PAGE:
The Working Waterfront

2019 was Eastport’s ‘year of pulp’

Deep-water terminal continues to support Maine mills

Tom Walsh
Posted 2020-01-15
Last Modified 2020-01-15

By Tom Walsh

It’s been nearly 40 years since Eastport’s then new, deepwater-import/export terminal opened for business.

In 1981, the cargo vessel MV Ravenswood set out from Downeast Maine to Montrose, Scotland, loaded with kraft wood pulp from what was then the Georgia-Pacific mill just off Route 1 in the Washington County community of Baileyville.

Fast-forward to 2020. While the port’s executive director, Chris Gardner, and his small staff are still crunching the numbers, two year-end stats are already certain: Imports processed, zero. Exports processed in 2019 involved an estimated 200,000 metric tons.

“It was the Year of Pulp,” Gardner said. “There was nothing coming in, so for 2019 we were strictly an export port. In terms of wood pulp exports, it’s been a stable business.”

In past years, exports from Eastport also have included logs, rolled paper, wind turbine blades, and pregnant cattle headed to farmers in Turkey, a venture scuttled by the recent political and economic chaos in that country and the volatile regions that surround it.

All 2019 export shipments involved pulp wood sourced from Baileyville for shipment by Woodland Pulp/St. Croix Tissue—the corporate successor to Georgia-Pacific—to ports in northern Europe and Far East ports in China, Japan, and Korea. Exactly which countries within those regions the wood pulp cargo was offloaded is an unknown, even by Woodland Pulp.

“Basically, the customer arranges for the vessels, and we supply the wood pulp to Eastport,” said Andrew Then, Woodland’s head of sales. “We’re not involved beyond that point.”

For many of the end-users, he said, the pulp is the basic raw material for manufacturing facial and bathroom tissues.

The recent U.S. imposition of new tariffs around the world, Then said, is significantly impacting global pulp wood markets, especially China.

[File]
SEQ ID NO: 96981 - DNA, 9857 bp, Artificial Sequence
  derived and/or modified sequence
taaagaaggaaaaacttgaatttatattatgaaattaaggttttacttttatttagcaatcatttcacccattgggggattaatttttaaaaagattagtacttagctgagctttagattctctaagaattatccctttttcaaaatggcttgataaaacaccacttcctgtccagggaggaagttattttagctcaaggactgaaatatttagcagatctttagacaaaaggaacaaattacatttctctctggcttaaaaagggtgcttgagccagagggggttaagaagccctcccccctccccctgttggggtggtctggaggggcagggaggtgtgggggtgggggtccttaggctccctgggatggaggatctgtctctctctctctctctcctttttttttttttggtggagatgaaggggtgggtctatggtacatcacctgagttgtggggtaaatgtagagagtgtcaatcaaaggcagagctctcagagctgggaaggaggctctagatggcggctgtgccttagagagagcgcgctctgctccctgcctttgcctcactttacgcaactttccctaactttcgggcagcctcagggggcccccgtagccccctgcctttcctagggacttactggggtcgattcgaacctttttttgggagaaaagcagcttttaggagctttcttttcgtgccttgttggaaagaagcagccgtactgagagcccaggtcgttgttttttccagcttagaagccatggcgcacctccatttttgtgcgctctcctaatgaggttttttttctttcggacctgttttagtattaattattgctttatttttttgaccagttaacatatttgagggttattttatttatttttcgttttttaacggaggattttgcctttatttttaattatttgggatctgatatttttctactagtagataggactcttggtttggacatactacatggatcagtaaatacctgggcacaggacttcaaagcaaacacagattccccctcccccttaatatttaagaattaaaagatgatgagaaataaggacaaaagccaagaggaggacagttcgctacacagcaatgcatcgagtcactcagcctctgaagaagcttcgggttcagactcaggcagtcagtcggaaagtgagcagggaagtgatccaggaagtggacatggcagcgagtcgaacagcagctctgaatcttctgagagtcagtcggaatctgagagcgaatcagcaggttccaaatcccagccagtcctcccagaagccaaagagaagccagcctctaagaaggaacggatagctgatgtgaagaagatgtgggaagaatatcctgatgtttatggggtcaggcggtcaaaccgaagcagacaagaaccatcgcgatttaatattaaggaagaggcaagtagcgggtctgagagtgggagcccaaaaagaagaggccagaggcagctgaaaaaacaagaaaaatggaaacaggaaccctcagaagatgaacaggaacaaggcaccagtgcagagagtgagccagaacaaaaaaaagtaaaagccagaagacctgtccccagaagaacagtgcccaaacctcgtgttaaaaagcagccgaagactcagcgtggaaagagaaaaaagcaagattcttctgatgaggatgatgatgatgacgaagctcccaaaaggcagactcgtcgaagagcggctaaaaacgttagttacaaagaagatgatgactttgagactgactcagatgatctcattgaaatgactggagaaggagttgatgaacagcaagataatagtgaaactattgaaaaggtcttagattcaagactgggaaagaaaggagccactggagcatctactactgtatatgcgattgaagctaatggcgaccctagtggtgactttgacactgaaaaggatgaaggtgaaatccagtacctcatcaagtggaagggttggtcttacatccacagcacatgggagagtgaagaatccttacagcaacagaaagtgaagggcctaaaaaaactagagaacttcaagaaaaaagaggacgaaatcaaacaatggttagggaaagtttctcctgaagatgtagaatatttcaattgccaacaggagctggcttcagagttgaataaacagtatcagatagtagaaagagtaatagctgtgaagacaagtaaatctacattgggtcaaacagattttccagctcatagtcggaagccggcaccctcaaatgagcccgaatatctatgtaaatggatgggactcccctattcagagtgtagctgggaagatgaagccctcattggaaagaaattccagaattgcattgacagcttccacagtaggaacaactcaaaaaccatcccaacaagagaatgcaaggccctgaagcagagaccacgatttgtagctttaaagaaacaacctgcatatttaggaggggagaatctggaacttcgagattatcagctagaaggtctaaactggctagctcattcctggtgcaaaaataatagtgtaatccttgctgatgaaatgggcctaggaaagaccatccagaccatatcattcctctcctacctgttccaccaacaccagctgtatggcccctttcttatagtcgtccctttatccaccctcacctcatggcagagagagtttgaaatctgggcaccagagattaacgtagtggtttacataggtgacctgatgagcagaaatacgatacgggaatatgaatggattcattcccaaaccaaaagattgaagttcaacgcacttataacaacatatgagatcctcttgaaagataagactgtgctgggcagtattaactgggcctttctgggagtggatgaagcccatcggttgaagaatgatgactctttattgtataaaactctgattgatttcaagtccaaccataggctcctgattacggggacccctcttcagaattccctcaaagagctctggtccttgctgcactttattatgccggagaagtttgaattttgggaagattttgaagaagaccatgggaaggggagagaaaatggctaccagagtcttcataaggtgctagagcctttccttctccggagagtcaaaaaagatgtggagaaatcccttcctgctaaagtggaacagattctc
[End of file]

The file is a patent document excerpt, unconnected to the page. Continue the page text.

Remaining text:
“We’re projecting some growth in sales for 2020, but it’s hard to say.” The tariff situation, he said, remains something of a moving target. “We’ll have to wait and see.”

Meanwhile, the Eastport Port Authority markets itself as “the deepest natural seaport in the continental United States.” There is one deeper port, in Alaska, but it’s thousands of miles from customers just over the North Atlantic horizon.

Known for its massive tides, the Gulf of Maine’s Bay of Fundy still provides the Port of Eastport with 55 feet of water depth, even during astronomical low tides. The port’s 635-foot pier accommodates cargo vessels as lengthy as 1,000 feet. The 75-acre complex now includes five warehouses with 33,000 square feet of storage of cargo, be it cargo that is coming or going.

 The Port Authority has invested $12 million to design and build an automated bulk import/export conveyor system. In the global cargo vessel shipping world, there is nothing like it on America’s East Coast north of Morehead City in North Carolina. Not in Boston. Not in New York. Not in Portland.

The Port Authority also has been actively wooing cruise ship dockings. Eastport’s city-center breakwater dock is ideal for smaller ships, with passenger loads of 400, not 4,000. The Authority recently acquired a tour bus to bring those disembarking to local attractions, including the nearby Roosevelt Campobello International Park, once the site of Eleanor and Franklin D. Roosevelt’s summer home.